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Innovation in food and the supply chain

Published on by Jeff Haas

Highlights from Food Industry Asia’s AGM keynote panel discussion: The Future of Food.

Food manufacturers and industry participants must increasingly look to technology, data and analytics to drive greater efficiencies in food production. Enhanced data can help organizations deliver food when and where consumers want or need it instead of creating stockpiles with inherent waste. Ongoing innovation is needed to satisfy the growing demand for more sustainable, affordable, and available food resources and data plays a crucial part.

The importance of supply chain risk management

According to David Marx, founder and CEO of The Science Kitchen, food innovation could mean that the world’s anticipated 9 billion consumers in 2050 will actually eat better than we do today. But what role can supply chain risk management play in this innovation?

Supply chain risk management ensures that we produce safe food, manage food waste, reduce risk and develop a more sustainable and well-managed supply chain. Monitoring and managing price, supply, and supplier risk helps to achieve these objectives. Knowledge of how the global markets are interacting and the impact this has on supply disruptions — whether it’s production, logistics, or compliance and regulatory issues — can help drive efficiencies and enable organizations to adapt their supply chains to the changing conditions. Predictive analytics capabilities based on the outcome of historical events can allow for food industry professionals to adapt and shape demand planning to fulfill the consumers’ needs most efficiently. When organizations conduct thorough due diligence on suppliers, they enhance transparency, leading to greater awareness of food quality issues and enhancing their understanding of safe processes and operating controls that could prevent food crime.

Optimizing efficiency

We currently produce enough food to feed the world’s 7 billion inhabitants, yet over 800 million people go to bed hungry each night.

Feeding an anticipated global population of 9 billion in 2050 could mean increasing production by as much as 60%, but first we need to drastically reduce the estimated 30% of waste currently evident in the supply chain.

Some of this is as a result of spoilage or consumer waste, but some is due to ‘cushions’ of planned waste. We need to use data to drive sustainable production in the most efficient locations and monitor physical supply risk so organizations can plan for potential disruptions. Having actionable data that can be analyzed and used to provide predictive input for the supply chain will help to eliminate the need for planned waste to create a cushion for error.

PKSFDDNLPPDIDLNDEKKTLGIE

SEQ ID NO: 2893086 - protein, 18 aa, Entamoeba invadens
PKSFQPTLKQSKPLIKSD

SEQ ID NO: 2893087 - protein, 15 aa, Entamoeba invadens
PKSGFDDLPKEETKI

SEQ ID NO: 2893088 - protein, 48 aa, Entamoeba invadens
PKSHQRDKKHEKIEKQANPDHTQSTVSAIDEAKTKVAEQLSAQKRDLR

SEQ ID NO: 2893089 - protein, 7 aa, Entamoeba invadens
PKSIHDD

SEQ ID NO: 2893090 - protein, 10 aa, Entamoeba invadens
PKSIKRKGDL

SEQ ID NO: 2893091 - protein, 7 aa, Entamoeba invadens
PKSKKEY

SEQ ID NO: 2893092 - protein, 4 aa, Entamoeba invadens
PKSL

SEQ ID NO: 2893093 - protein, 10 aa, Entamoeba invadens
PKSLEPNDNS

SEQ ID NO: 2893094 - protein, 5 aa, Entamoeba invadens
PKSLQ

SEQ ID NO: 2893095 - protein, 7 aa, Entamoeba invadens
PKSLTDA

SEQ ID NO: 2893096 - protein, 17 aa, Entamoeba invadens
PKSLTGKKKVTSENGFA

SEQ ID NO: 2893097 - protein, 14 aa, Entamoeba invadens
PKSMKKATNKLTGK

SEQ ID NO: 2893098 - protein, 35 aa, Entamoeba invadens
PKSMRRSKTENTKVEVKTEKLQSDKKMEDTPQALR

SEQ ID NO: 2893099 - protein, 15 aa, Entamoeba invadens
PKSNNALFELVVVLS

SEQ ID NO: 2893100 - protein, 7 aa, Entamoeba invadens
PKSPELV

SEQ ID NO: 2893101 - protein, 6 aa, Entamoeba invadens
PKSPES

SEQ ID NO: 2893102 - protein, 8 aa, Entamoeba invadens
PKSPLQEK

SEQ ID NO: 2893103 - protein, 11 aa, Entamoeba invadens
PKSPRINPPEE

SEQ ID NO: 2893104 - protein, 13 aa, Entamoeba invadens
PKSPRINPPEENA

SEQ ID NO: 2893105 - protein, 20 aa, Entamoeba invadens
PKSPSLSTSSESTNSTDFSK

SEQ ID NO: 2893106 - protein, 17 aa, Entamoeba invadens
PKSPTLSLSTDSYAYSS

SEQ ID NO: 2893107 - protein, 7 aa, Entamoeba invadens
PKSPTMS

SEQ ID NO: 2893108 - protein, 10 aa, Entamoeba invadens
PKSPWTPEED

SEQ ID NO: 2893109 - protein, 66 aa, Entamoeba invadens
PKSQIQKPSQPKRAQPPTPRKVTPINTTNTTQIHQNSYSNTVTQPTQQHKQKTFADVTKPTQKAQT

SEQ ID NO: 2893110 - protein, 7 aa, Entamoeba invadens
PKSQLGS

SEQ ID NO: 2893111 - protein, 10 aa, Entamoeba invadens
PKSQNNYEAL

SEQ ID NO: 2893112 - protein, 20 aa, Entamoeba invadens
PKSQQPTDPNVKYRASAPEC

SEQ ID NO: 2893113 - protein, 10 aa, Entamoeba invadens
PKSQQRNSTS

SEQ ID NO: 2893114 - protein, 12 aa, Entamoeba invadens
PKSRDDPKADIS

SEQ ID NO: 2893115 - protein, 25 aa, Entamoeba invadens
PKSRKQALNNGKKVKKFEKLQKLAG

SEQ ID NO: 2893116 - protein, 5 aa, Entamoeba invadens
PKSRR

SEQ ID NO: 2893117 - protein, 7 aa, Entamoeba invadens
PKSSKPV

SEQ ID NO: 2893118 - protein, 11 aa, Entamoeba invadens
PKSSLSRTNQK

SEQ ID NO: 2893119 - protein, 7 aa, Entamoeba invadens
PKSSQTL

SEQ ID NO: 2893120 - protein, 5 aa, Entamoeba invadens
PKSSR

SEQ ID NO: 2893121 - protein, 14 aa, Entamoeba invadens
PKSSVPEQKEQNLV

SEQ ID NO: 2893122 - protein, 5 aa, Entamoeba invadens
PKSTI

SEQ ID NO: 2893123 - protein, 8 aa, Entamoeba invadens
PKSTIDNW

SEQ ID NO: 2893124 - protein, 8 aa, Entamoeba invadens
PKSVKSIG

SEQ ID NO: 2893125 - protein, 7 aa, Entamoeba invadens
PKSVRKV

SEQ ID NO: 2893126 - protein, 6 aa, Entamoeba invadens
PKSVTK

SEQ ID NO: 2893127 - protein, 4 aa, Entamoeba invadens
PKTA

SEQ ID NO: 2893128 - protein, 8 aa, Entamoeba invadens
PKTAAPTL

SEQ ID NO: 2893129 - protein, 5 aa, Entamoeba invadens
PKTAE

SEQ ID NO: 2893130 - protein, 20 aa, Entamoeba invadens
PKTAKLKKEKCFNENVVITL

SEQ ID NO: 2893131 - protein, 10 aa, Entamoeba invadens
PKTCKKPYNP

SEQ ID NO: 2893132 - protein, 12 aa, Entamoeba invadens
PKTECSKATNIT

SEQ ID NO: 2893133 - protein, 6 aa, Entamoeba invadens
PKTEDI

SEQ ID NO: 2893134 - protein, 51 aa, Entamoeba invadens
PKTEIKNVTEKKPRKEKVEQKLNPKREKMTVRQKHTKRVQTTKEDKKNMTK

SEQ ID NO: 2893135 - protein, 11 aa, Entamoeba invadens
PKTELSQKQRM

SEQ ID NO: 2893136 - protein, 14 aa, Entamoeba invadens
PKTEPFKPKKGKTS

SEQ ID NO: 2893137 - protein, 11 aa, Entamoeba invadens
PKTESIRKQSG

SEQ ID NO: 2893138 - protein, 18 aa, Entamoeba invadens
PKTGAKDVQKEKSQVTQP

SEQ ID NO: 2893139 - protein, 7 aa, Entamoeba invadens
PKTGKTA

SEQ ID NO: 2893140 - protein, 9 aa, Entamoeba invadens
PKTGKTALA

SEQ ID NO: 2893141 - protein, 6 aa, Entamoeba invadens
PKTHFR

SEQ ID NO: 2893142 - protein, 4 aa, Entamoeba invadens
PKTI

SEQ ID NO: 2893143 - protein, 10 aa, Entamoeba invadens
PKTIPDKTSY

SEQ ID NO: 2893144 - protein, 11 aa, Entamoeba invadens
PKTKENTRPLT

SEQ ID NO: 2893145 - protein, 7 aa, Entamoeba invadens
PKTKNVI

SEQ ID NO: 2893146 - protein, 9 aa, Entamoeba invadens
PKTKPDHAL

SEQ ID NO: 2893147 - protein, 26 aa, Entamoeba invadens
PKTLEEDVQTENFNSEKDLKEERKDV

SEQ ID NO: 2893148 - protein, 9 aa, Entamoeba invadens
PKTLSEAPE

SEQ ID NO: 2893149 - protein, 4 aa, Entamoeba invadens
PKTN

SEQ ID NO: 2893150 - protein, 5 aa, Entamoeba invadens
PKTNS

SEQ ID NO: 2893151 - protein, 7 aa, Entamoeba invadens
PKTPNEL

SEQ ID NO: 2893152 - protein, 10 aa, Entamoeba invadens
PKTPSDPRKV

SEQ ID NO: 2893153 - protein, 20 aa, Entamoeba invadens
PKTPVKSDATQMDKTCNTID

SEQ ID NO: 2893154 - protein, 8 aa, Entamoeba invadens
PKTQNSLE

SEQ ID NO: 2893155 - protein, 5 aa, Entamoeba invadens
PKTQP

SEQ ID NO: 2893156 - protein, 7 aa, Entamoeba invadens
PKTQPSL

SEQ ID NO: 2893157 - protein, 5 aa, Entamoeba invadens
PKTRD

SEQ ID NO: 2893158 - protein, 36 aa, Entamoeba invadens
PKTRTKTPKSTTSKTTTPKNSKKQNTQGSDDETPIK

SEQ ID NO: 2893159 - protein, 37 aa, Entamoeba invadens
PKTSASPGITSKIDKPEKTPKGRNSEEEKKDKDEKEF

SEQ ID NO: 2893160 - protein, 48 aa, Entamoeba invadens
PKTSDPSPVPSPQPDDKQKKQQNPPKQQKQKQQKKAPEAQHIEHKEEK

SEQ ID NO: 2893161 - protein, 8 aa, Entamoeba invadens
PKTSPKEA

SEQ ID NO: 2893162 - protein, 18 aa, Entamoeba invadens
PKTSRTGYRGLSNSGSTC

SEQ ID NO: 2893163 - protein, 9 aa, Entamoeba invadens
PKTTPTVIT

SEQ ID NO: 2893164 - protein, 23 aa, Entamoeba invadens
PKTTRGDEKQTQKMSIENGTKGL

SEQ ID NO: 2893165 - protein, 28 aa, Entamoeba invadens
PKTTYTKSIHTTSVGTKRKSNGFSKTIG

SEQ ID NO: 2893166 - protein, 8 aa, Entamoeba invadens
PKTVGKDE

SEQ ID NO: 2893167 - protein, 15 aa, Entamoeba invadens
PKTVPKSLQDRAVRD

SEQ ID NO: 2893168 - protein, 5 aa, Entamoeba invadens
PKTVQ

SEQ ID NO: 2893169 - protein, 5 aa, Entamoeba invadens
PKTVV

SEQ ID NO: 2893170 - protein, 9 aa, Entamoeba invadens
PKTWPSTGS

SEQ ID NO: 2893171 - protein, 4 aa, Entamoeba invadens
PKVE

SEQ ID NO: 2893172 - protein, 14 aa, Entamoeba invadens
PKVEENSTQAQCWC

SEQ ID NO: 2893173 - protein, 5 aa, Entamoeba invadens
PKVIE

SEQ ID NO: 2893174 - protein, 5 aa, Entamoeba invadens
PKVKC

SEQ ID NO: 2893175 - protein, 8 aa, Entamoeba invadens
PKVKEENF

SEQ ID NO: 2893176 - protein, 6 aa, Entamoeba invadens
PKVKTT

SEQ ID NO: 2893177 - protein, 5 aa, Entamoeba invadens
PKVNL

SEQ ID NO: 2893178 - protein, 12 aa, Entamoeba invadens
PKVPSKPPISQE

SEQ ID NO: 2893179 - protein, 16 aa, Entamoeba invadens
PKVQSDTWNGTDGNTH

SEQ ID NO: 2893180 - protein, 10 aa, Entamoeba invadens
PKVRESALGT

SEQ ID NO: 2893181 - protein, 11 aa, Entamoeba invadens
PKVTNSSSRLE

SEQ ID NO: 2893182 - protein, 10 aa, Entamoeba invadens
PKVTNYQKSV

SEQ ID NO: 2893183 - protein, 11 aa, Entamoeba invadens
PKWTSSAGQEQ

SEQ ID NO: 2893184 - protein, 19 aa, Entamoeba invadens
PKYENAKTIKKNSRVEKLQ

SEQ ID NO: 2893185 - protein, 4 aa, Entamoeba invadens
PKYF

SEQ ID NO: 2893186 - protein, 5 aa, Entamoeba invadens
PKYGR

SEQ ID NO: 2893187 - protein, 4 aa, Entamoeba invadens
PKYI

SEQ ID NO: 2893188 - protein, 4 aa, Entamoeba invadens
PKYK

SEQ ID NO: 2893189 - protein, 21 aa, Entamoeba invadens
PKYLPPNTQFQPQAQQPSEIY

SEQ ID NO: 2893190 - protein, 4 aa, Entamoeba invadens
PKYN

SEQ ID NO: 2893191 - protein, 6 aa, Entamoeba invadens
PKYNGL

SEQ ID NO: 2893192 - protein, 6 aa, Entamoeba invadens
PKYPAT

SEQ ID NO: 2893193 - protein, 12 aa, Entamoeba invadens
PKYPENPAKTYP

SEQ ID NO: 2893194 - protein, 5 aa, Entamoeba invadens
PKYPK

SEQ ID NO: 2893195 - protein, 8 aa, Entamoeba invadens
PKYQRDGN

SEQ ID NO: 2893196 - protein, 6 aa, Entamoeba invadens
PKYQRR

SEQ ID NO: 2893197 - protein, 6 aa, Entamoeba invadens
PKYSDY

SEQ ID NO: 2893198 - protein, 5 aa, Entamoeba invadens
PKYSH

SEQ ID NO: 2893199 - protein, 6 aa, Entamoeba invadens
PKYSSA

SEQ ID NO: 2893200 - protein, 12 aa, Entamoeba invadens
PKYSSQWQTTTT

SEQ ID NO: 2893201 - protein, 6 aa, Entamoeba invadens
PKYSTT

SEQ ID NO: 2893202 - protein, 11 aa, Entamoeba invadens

Furthermore, with a growing percentage of the population residing in cities, we can produce more food locally through urban agriculture initiatives, such as vertical indoor farming where multiple crops can be grown annually using less water, land and pesticides.

Exploring alternative foods

According to Katharina Unger, founder and CEO of LIVIN Farms, technology has been developed for producing consumable insects in a safe and sustainable way.  She points to two hurdles: creating scale and consumer acceptance of the idea. Currently, the focus is not on poor and undeveloped economies where it is really needed to feed the malnourished. Unger’s explanation is that developed countries need to lead the way, demonstrating that eating insects is not only acceptable, but also culturally forward-thinking. Unger also believes that to create economies of scale, the idea must first be widely accepted in technologically advanced areas to help secure the necessary investment to drive a sustainable industry.

Another example of an alternative food is the progressive food brand Oumph, which is working to drive higher acceptance of vegan products in the mainstream food industry. Panelist Lennart Bjurstrom from Food for Progress, the organization behind Oumph, explained that the goal is to provide tasteful, nutritious and climate savvy food, based on the belief that the efficiency of turning plants into meat is extremely low and resource intensive when compared to producing plant-based protein.

Nutrition first

Dr. Iain Brownlee of Newcastle University also highlighted the importance of nutrition and developing a thorough understanding of the impact of shifting diets based on cultural and geographic demographics. Not all foods are good for all people and the physiological impacts can be quite different on different ethnicities. This needs to be a significant consideration when introducing different sources of nutrition into mainstream diets.

Looking ahead

Ramping up the world’s capability to feed the estimated 9 billion people by 2050 is a multi-faceted challenge for food manufacturers, industry participants and governments the world over. Better technology and data, and use of that information to understand consumption, find efficiencies in supply chains and drive innovation will be critical.


Learn more

Explore our multimedia report, 9 Billion Bowls, which tells the story of how Big Data and leading edge technologies are being used in entirely new ways to revolutionize the way we produce and deliver food.

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